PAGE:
Since opening the doors to Key Movement Solutions in 2021, Busher said she likes the freedom of owning her own business. She is open with her patients about her availability and dedication to being a mom.
“All my clients know my son,” she said with a laugh. But, Busher has felt the challenges of owning her own business.
“Does it get hard? Absolutely. And right now, it’s just me,” she said. “Yes, you have flexibility, but you also have to have discipline.”
Busher often turns to mentors in athletic training that can offer advice in entrepreneurship, and those connections also led her to NATA and SWATA, where networking with other athletic trainers has also been helpful.
“I knew I wasn’t the only one out there – a young profession who doesn’t want to work under anyone else,” she said. “I know I’m not the only young professional out there who’s a single mom; I know I’m not the only young professional out there who’s fighting all the odds.
“And when I started this journey, I knew I wanted to give back to the profession – I try to make an impact and show people that, you know, you can do it, too.”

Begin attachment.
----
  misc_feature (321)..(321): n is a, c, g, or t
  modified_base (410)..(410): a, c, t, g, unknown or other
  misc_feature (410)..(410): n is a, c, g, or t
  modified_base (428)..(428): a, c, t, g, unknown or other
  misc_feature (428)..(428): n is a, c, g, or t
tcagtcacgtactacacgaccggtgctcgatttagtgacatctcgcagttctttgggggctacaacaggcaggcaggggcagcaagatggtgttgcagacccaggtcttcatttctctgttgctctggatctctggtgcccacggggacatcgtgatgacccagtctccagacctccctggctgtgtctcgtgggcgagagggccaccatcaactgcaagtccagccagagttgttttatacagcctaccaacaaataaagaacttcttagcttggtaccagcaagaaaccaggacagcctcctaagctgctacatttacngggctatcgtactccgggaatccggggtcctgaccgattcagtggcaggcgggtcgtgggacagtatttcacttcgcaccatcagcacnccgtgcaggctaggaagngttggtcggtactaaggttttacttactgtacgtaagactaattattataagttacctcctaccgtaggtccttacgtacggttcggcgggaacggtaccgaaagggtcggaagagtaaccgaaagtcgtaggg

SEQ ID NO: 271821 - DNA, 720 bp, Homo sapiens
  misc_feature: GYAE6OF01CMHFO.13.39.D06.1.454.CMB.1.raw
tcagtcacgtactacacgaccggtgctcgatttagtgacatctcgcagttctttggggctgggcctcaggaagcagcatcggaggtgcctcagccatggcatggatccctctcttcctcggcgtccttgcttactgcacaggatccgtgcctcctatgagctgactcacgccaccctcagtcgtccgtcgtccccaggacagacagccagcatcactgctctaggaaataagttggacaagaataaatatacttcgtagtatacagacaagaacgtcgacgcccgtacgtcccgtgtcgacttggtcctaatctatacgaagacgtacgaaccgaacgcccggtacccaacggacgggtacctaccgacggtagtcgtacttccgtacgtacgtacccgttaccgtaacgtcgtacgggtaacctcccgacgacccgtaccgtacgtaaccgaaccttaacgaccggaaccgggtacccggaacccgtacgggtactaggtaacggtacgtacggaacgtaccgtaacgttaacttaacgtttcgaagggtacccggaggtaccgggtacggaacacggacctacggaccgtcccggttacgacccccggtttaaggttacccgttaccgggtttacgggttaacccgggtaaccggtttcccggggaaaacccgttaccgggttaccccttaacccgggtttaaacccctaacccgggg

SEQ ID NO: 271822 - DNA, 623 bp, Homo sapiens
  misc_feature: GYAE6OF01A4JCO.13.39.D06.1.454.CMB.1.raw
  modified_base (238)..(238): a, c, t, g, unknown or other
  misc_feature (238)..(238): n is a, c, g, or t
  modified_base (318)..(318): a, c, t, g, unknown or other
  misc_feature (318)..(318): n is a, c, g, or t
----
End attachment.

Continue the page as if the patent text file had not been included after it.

Joining the NATA Early Professionals’ Committee and representing District Six has solidified a passion in Busher that revolves around knowing personal values and respecting those as young professionals.
“You need to know who you are as an individual,” she said. “If you know who you are as a young professional, if you know what you want and know what you value, it’s going to help with work-life balance. Knowing where you stand helps you draw the line.
“It’s going to give you more appreciation for the profession and more appreciation for your peers.”
Busher encourages athletic trainers to ask themselves, “What are the things you value?” Determine those and then seek out opportunities that align with those values.
“Don’t mold yourself to fit anything except what you want,” she said. “When you do that, you get exhausted trying to be someone you’re not. … That’s how burnout can happen.”
As a young professional in athletic training, Busher’s journey might not look traditional on the surface, but it has given her an early appreciation for knowing self-worth and its importance in job and life satisfaction.
By volunteering at her district level and with NATA, Busher is giving back to the profession in a way that she hopes helps other athletic trainers find their paths and continue to find, or make, opportunities that align with their values.
“When we do that,I think that’s when we start to change,” Busher said
NATA provides multiple opportunities for members to get involved and pursue leadership positions. With more than 28 committees, NATA has a committee to fit every setting and niche. View the list of committees on the NATA website.
To find which committees currently have openings, visit Gather and click the Participate tab.
Additionally, check out the volunteer page on the NATA website for a full break down of all the volunteering opportunities, such as liaisons, state/district positions and short-term opportunities.